Metapopulation ecology of Osmoderma eremita - dispersal, habitat quality and habitat history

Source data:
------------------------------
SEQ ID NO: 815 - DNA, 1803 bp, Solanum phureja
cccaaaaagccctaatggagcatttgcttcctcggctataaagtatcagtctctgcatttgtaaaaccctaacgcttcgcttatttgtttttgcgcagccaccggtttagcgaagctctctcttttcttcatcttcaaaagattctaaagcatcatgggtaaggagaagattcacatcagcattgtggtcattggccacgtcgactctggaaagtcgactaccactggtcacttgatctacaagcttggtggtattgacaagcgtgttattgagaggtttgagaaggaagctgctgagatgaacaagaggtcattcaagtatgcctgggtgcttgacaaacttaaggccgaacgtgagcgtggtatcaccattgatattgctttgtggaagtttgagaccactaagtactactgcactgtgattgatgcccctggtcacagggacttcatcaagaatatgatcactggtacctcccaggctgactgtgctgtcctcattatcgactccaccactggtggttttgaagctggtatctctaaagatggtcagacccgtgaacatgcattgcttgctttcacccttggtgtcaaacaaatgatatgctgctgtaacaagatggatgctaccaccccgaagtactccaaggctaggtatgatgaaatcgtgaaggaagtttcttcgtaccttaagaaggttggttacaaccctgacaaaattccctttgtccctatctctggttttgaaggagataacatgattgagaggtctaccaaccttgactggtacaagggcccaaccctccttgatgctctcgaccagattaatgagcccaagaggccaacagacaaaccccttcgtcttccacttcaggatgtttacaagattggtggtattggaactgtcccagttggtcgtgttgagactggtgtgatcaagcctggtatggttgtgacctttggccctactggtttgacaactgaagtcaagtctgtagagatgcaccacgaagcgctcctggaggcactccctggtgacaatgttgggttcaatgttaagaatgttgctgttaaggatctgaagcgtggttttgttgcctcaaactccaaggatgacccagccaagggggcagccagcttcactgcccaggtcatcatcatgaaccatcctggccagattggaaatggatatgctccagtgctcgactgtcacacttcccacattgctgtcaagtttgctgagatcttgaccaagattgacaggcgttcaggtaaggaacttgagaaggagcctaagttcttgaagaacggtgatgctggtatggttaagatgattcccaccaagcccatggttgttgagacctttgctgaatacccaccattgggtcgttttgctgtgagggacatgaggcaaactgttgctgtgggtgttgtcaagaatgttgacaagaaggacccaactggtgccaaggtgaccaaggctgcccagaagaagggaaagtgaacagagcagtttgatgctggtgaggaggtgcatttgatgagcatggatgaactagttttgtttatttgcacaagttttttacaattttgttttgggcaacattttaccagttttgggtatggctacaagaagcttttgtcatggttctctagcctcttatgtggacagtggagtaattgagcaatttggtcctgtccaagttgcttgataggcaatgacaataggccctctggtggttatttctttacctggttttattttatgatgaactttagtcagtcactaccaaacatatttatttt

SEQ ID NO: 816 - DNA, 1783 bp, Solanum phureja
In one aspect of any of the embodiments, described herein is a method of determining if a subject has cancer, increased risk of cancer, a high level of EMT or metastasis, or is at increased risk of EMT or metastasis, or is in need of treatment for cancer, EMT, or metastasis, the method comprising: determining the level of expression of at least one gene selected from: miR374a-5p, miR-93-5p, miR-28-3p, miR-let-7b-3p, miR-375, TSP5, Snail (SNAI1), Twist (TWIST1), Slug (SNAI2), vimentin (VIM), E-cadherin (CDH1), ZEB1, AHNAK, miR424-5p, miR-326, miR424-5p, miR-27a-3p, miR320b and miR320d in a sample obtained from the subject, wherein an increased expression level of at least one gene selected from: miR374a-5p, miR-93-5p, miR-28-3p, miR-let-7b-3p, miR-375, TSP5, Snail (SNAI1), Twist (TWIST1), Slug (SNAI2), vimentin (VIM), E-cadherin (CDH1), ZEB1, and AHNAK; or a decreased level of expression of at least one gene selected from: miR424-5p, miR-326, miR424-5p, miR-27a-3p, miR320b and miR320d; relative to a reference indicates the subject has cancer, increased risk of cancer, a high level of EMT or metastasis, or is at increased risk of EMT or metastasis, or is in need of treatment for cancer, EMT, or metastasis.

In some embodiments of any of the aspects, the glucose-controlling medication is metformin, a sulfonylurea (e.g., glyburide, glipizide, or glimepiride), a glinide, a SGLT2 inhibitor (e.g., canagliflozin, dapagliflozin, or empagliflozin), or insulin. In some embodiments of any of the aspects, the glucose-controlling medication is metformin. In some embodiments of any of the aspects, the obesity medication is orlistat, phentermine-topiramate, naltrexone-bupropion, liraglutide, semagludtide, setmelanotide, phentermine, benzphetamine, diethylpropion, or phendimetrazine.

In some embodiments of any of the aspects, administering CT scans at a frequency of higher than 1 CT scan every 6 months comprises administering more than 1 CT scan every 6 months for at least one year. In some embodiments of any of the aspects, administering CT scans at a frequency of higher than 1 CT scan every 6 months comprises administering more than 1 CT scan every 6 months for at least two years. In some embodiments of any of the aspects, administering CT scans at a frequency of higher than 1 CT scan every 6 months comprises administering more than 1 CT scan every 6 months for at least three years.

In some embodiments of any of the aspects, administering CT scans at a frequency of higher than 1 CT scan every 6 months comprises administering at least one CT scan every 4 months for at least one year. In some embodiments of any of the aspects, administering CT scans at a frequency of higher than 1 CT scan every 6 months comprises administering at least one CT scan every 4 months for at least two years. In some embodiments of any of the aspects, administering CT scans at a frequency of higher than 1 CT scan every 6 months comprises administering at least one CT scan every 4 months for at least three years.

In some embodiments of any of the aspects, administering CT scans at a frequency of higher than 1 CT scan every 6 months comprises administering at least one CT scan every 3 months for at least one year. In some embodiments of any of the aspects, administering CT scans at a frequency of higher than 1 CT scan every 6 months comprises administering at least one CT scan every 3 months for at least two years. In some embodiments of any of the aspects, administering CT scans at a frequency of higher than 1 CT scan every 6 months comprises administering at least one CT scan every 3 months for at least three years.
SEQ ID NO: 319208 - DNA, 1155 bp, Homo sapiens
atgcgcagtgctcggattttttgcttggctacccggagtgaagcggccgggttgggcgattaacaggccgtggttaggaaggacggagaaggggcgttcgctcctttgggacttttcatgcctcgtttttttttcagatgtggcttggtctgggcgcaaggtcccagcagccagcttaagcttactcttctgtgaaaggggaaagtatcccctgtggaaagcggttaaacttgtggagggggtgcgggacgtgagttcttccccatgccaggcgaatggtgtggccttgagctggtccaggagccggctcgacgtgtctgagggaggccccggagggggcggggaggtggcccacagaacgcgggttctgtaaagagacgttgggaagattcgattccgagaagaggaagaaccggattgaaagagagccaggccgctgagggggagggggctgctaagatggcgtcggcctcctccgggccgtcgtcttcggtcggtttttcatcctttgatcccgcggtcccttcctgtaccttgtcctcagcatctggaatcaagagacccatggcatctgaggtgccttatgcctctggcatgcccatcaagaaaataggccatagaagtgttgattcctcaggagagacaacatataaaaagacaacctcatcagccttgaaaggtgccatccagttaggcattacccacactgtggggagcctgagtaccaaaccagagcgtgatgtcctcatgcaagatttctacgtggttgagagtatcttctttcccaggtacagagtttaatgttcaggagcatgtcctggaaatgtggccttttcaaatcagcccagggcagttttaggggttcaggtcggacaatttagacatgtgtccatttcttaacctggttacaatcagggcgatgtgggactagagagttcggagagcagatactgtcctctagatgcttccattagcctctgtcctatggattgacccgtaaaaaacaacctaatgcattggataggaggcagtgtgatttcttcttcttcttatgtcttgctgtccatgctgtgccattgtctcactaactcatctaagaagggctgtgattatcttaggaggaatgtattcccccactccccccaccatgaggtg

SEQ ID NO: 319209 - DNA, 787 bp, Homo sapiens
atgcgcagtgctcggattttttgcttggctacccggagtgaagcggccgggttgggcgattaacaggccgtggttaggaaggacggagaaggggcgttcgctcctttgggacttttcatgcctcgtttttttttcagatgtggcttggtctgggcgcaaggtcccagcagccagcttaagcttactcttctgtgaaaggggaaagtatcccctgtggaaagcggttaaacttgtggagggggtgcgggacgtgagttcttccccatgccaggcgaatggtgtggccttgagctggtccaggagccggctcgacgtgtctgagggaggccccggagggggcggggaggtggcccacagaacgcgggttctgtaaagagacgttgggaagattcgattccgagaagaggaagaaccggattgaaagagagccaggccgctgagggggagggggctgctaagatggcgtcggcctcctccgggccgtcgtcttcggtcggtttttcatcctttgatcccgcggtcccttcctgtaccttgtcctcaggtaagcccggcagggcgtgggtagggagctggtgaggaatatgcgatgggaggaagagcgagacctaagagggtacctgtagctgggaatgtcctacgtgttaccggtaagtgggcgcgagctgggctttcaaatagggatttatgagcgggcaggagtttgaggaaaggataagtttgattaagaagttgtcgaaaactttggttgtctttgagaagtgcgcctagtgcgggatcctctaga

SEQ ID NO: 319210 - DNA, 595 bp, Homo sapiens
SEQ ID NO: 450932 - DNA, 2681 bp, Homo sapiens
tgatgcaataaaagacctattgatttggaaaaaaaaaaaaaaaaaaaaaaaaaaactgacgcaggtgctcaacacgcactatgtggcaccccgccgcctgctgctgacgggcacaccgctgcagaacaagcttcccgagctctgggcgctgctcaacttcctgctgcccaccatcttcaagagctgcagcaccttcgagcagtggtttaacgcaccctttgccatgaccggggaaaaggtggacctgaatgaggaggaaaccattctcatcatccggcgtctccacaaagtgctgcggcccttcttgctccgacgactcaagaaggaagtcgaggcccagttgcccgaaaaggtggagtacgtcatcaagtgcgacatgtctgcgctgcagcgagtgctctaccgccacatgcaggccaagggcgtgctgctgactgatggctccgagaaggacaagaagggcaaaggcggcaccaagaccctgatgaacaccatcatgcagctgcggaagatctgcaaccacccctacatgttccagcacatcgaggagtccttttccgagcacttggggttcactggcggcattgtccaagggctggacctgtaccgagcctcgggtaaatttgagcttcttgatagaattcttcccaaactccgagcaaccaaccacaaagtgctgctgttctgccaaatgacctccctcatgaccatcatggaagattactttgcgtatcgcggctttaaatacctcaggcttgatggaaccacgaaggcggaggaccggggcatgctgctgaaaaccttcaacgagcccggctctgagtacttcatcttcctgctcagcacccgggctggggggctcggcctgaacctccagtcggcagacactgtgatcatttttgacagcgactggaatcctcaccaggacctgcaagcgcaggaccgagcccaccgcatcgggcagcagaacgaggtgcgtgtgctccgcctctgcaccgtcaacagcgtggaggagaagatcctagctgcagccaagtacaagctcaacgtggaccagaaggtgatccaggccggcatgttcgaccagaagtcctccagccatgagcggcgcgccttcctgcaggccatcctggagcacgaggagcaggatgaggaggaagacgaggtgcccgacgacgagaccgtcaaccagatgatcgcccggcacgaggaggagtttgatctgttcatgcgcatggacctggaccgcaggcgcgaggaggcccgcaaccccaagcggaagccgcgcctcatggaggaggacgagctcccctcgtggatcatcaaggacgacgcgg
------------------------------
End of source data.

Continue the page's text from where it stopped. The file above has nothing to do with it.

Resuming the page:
Sammanfattning: This thesis starts with a review of different biodiversity assessment methods in forests and the rest deals with the metapopulation ecology of Osmoderma eremita, a threatened beetle living in hollow trees. I concentrate on the effect of dispersal, habitat quality and habitat history for the presence, population size and future survival of this species. Dispersal was studied by using both capture-mark-recapture and telemetry. I also studied the pheromone system. The effect of habitat quality on population size and adult body size was analysed using population size per tree from three consecutive years, biometric data and habitat variables for each studied tree. Finally, I have studied if the present occupancy of O. eremita is best explained by the current number of hollow trees per group of hollow trees or by the historical amount of older and damaged trees in that area in 1820-1822. My results show that biodiversity assessment methods of boreal and nemoral forests should include the most species rich groups, for example insects and the natural disturbance regime of a region should be the basis for defining a suitable scale and the appropriate features. The two independent methods of studying dispersal of O. eremita give similar results. O. eremita has a restricted dispersal (< 200 m) and a low dispersal rate (12-18 %). This means that O. eremita may survive for long periods in a stand because of low emigration rate, long life-time of the hollow oaks and asynchronous population fluctuations. However, it will be unlikely to establish itself in any new stands arising at the distance of several hundred meters. The males attract females by emitting large amounts of a pheromone and this substance might be used in female colonization. The probability of occurrence of adult O. eremita increase with increasing wood mould volume inside the trees and is higher in hollows above ground. Both population size and adult body size is bigger in trees with a large wood mould volume. This highlights the importance of hollow oaks with a large wood mould volume for metapopulation survival.Finally, the occupancy of O. eremita in oak stands in a fragmented region of southern Sweden is best explained by the amount of older and damaged oaks in 1820-1822, while the present amount of hollow trees in the stands cannot explain occupancy. Following habitat destruction and fragmentation, metapopulations are often not in stochastic equilibrium with the structure of the present landscape. Instead the metapopulations are tracking a new equilibrium that can be local extinction. This delay creates an erroneous view of the present landscape with an excess of rare species that are often doomed to become extinct, the so called extinction debt. I argue that many small metapopulations of O. eremita can be seen as an extinction debt, that only can be avoided by a rapid increase of hollow trees in and near occupied stands.
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